I am working my way through Kirk Bertsche's 9 page essay on the subject. Thanks DH for this link. This article does a good job at explaining the technical complexities of measuring the very small amounts of C14 present in these ancient samples and why non-zero amounts are measured. I'm a complete non-expert in this field of radiometric dating, but it strikes me reading this how contamination by modern carbon introduced during sample preparation seems to be a severe issue.

I'm wonder whether they've extracted samples under an inert atmosphere and then used laser ablation to ionize samples in their mass spectrometers? I'm probably teaching grandmother to suck eggs, as the old saying goes. Getting back to my OP - I feel that some definitive work needs to be done in this area. It's easy to see that the sceptical creationist is simply going to see the scientific response as making excuses for the data instead of holding up some hard data that either explains or explodes the anomaly. Another thing I've heard from creationists is that fossils made by soaking samples in tar pits appear to be extremely old.

Of course, the problem is that this process results in contamination with old carbon, making the sample appear older. In the case of old samples with almost no C, even the tiniest bit of contamination would make the sample appear far younger. Always remember that C dating is not a magical process; it is a measure of C and the age interpretation depends on a few assumptions.

How reliable is geologic dating?

It's also worth noting that C is only useful for a bit more than , years. The vast majority of fossils aren't dated using C at all, but other radioisotopes. Science has several very reasonable explanations for levels of modern carbon in very old samples. Although this satisfies the scientist, who for all sorts of other reasons quite reasonably assumes that these samples are truly old, it leaves enormous scope for the creationists to reinforce their followers' faith that the earth is young.

I still feel that some definitive experiments in this area would be useful to test the various rational explanations for the c14 anomaly. I can see though that science has problems taking on creationists because of the perceived risk of lending credibility to their ideas. Bit of a dilemma there.

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Also as soon as one creationist idea is exploded, they just move on to another area where uncertainty in the science offers them the opportunity to mislead. That begs the question that an anomaly even exists. What does exist are limits to the applicability of 14 C dating techniques. Several of the test results touted by creationists were definitive experiments to assess those limitations. There is no arguing with young earth creationists.

They are immune to logic and evidence. Broadly speaking I agree with you. But, reading the experts' explanations of the "anomaly" read to me, as a non-expert in this field, like perfectly reasonable explanations as long as you accept the "old earth" explanation. If you don't, such dismissive arguments as 'the extra C14 could be due to uranium decay' leave enough wriggle room uncertainty for the creationist to thrive in.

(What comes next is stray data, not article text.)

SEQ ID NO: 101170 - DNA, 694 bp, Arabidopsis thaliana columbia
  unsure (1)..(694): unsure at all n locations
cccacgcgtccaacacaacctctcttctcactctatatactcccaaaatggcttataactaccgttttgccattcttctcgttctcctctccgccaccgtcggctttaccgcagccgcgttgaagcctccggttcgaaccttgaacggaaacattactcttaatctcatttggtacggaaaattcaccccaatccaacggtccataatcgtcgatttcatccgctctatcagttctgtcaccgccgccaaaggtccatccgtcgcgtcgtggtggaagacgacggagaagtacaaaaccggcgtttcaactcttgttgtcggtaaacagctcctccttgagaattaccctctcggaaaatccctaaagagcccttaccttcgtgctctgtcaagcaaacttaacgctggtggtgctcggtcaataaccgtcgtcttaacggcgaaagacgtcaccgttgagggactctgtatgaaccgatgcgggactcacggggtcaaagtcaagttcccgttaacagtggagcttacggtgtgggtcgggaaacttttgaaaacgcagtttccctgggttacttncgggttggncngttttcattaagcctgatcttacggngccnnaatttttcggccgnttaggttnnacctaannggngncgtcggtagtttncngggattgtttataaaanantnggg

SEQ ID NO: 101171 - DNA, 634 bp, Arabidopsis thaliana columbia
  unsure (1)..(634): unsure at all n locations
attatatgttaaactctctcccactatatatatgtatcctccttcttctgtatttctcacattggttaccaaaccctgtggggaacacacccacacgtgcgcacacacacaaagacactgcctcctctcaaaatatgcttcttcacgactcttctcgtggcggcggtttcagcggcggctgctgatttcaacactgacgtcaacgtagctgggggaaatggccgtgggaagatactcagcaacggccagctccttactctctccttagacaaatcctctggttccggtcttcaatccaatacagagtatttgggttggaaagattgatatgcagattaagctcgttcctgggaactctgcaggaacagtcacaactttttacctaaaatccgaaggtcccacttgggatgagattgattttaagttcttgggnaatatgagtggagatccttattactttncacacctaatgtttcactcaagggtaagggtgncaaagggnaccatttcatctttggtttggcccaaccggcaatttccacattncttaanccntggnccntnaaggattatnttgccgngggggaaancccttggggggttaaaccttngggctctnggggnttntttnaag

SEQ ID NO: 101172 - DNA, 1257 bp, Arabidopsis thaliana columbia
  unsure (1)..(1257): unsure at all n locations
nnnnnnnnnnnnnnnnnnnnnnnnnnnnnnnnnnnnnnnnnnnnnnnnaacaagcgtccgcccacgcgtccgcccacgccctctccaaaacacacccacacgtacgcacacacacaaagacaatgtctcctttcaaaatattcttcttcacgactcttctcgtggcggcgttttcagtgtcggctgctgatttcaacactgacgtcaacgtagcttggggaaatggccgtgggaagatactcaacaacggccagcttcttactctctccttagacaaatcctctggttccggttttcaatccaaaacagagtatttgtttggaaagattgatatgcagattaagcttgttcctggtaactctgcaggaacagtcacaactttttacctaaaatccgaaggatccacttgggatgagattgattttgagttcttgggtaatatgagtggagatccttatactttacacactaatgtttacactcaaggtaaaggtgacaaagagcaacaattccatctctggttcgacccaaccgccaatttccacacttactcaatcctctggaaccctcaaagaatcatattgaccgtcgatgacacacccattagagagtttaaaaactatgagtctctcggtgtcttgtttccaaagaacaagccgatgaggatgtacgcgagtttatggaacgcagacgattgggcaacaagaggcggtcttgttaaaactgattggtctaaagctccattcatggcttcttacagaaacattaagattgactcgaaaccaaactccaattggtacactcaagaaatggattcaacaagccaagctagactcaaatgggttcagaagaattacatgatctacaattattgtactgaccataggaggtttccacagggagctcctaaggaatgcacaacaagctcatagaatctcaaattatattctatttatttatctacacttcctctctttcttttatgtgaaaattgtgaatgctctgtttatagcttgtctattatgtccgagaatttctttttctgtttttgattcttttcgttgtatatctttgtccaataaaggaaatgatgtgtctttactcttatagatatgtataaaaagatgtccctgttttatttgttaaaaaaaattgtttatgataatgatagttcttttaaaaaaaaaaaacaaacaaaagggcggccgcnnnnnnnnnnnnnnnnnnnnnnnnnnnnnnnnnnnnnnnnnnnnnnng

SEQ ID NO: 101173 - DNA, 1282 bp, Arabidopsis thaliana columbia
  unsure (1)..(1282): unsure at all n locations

You're right though, I'm probably being naive in thnking they will be convinced. Even so, it is always good when creationists have been casting doubt in some area to be able to completely explode their reasoning. I'm still looking for a reference, in a refereed scientific journal, confirming the finding of carbon14, in any amount, in diamonds or coal. I suspect, but haven't been able to confirm, that the reports of carbon 14 in these substances have been made up out of whole cloth by Young Earth Creationists, but I am loath to make this claim, absent evidence that reports of these findings haven't been published in any journals that aren't connected with such organizations as the Institute for Creation Science.

I further think that it is the fact that the claims are conscpicuously bogus that has accounted for their not having been responded to. After all, to my limited understanding, carbon 14 is associated with organic processes, and, right off the bat, I find myself wondering why it would be found in any allotrope of carbon, which is an inorganic element.

Can anyone out there either confirm or disconfirm my suspicions? You need to know that I will not be much impressed by anything coming from the ICR or any similar group. Well one of two things could be happening, the carbon 14 signature is reset every time the rock melts because the carbon 14 disperses among the liquid rock, Also neutron bombardment from uranium decay could possibly have an impact, but you'd also have other trace elements that tell the tale of this neutron contamination. Since the discussion is specifically about Carbon14 in coal I am unclear as to why you would be talking about molten rock.

Creation v. Evolution: How Carbon Dating Works

Coal is not known for its inclination to melt. Since Carbon14 dating is only relevant to dating organic matter I am unclear as to why you would be talking about resetting the Carbon14 clock in molten rock. Molten rock is not organic material friendly. We all make mistakes. I made one in You need to be a member in order to leave a comment. Sign up for a new account in our community.